The End of an Era…..


Romolo’s Restaurant

Dad, at eighty-one years of age in 2011 purchased an ailing, Romolo’s Restaurant.  He and he alone (with family and when I say that I am including Tim Cook) – refurbished the place and all within it’s crumbling interior.  He expressed to me the many times he had to mortgage other properties in order to replace equipment that had failed at the restaurant.

Dad's Pizza pie at his Romolo's restaurant, love you, Dad.
Dad’s Pizza pie at his Romolo’s restaurant, love you, Dad.

I told him, “Dad, you’re sticking so much money in this place; do you think you’ll ever get it back out?”

His reply was, “I’ll never see a dime from this place, but you kids will.”

“Dad, we don’t care about that.  We all know this restaurant makes you happy, and in turn; that puts us at ease we’re just concerned about you.”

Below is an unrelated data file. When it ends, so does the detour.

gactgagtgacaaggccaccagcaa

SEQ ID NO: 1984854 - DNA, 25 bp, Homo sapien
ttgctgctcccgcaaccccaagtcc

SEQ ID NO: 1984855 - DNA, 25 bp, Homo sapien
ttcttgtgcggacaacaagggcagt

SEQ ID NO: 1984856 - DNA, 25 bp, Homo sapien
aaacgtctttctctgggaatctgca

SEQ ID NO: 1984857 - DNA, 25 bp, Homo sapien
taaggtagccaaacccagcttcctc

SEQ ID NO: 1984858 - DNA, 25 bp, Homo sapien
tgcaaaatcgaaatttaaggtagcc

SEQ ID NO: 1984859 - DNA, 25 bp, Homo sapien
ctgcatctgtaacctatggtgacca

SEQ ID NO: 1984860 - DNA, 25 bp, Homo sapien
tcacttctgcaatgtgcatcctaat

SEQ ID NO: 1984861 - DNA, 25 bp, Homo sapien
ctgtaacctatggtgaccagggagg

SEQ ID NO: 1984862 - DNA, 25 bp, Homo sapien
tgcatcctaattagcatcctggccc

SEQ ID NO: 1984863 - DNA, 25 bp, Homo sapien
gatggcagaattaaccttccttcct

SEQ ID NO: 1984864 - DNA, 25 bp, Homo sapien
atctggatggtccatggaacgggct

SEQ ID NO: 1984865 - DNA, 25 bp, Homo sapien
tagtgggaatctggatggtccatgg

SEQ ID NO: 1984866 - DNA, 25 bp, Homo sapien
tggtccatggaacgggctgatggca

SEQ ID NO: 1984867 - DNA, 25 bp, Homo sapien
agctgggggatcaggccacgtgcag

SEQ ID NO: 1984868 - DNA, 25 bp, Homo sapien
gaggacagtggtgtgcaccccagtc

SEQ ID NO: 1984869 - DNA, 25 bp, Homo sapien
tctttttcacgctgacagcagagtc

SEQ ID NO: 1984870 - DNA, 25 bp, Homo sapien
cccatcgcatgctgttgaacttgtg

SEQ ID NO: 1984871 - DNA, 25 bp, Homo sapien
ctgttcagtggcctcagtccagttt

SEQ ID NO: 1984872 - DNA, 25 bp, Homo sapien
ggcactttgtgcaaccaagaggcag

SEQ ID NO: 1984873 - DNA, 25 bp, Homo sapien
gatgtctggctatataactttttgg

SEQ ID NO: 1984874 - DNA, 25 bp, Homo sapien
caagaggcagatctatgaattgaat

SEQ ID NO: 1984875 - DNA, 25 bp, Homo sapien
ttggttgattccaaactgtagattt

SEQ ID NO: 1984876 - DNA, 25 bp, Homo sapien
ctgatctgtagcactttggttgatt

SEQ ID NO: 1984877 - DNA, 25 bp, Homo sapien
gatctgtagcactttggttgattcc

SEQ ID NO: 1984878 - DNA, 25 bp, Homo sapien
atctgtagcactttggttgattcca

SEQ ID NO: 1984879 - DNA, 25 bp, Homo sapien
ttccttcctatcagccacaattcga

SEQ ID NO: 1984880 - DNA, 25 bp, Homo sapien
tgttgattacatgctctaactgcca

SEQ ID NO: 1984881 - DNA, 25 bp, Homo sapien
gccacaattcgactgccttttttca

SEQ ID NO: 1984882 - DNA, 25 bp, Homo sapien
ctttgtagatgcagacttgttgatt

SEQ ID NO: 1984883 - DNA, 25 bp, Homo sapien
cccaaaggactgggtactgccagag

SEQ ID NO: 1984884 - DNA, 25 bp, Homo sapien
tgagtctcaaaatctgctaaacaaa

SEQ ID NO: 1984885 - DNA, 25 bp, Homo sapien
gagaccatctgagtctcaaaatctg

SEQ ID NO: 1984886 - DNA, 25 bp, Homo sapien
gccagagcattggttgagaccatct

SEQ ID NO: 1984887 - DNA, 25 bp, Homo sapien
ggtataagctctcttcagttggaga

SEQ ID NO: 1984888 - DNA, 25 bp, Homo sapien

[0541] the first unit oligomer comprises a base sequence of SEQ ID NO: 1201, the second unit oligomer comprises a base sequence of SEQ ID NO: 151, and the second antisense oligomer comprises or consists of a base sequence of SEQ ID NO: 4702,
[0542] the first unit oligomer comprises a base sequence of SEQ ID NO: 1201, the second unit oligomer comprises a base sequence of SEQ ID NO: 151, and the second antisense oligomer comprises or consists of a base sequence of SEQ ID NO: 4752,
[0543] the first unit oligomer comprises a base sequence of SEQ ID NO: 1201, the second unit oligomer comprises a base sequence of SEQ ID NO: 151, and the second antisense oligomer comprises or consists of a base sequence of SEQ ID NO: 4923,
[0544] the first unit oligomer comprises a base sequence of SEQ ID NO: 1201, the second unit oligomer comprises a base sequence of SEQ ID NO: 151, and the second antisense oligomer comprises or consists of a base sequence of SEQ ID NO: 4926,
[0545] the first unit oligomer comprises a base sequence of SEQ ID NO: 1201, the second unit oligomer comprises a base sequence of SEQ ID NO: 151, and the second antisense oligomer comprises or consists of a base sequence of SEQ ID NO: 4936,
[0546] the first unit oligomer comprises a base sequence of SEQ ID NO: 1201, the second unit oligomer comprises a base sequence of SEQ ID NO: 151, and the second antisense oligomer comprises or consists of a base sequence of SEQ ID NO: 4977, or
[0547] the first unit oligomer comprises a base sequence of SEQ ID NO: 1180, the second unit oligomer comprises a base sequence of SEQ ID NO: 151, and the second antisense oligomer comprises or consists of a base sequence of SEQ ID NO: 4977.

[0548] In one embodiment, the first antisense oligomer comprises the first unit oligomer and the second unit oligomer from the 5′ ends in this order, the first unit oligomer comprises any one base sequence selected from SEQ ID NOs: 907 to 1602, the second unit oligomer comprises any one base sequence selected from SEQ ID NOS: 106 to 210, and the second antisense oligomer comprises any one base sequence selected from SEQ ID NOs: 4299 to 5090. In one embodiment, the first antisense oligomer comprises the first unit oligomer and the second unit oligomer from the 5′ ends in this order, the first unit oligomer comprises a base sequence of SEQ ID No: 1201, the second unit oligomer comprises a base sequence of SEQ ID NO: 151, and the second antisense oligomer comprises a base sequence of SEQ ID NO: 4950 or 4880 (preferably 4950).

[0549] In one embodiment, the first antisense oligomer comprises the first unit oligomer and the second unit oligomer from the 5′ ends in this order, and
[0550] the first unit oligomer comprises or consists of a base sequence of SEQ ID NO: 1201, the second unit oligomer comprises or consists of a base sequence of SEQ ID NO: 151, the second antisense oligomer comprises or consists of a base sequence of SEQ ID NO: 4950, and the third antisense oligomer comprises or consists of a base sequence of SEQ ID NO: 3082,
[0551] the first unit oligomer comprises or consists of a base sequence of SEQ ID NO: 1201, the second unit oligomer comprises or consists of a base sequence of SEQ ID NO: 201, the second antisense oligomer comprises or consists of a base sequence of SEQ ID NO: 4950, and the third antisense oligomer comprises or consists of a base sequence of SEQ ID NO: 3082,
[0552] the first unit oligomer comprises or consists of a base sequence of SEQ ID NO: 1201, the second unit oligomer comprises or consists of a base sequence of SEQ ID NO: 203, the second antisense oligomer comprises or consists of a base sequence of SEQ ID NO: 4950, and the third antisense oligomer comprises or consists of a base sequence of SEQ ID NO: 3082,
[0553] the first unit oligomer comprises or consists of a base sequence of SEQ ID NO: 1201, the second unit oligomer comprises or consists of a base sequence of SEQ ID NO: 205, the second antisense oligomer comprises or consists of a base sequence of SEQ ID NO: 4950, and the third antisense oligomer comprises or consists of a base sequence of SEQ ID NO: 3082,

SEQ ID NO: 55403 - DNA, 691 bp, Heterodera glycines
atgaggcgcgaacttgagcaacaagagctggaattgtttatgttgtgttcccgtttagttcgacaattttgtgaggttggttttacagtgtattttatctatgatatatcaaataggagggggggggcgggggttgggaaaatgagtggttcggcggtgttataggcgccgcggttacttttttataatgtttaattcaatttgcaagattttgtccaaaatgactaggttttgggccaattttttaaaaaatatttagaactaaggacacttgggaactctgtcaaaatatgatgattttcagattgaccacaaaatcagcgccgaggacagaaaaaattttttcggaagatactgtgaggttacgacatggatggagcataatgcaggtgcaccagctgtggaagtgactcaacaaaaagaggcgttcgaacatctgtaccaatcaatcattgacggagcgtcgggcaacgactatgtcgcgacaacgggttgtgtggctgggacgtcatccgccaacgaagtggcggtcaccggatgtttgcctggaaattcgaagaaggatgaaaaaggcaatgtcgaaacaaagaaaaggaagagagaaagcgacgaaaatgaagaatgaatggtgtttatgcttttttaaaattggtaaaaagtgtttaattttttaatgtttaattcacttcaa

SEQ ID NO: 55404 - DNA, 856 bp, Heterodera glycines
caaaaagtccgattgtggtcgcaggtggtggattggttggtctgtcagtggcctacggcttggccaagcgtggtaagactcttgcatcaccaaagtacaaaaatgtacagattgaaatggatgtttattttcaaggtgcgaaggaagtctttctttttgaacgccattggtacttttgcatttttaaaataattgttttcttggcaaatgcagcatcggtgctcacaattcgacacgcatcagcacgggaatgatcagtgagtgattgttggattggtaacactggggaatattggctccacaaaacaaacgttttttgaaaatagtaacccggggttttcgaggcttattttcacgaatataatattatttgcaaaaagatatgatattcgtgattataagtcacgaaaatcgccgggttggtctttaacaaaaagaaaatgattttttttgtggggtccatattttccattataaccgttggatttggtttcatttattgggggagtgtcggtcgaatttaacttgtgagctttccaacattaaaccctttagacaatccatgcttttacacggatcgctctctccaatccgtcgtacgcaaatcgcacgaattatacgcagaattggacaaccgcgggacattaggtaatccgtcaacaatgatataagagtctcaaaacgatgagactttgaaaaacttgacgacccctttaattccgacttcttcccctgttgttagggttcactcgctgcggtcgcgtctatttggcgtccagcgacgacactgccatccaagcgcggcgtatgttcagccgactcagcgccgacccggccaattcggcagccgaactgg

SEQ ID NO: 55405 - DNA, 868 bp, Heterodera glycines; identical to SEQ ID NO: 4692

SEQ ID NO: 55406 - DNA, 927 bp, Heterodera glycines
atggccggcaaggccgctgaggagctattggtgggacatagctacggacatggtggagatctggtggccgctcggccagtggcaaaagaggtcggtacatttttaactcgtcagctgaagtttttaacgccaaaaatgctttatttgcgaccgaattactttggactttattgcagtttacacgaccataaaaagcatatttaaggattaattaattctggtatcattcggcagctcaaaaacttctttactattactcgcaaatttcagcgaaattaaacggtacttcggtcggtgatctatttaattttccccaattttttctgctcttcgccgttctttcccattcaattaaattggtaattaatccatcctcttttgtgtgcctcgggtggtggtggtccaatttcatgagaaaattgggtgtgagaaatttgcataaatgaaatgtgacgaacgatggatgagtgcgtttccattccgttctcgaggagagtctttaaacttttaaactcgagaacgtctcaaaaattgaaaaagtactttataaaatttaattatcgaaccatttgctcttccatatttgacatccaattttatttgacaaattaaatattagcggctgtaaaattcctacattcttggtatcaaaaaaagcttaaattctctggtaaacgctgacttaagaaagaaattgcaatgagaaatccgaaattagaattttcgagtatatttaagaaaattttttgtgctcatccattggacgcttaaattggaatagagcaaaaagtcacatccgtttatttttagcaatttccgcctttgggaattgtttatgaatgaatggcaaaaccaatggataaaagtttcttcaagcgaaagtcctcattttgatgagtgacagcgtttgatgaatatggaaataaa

He got angry when I said that because he was the one always in control.

Dad always had a way of calming situations when voices began to rise and of allaying others worries and fears, whatever they may be.  What a true blessing he was to our family, of which, nobody can deny!

He was a favorite uncle to his many

1948
1948 – My handsome Father

nephew’s and niece’s.  Whether it was playing the guitar and laughingly singing to them or in some instances guaranteeing loans for them when nobody else would so their dreams could be met.  Sometimes he even received a thank you for his kindness.

He was a benevolent, Father, forever giving.  That he gave was a remembrance of his childhood when he had nothing, and even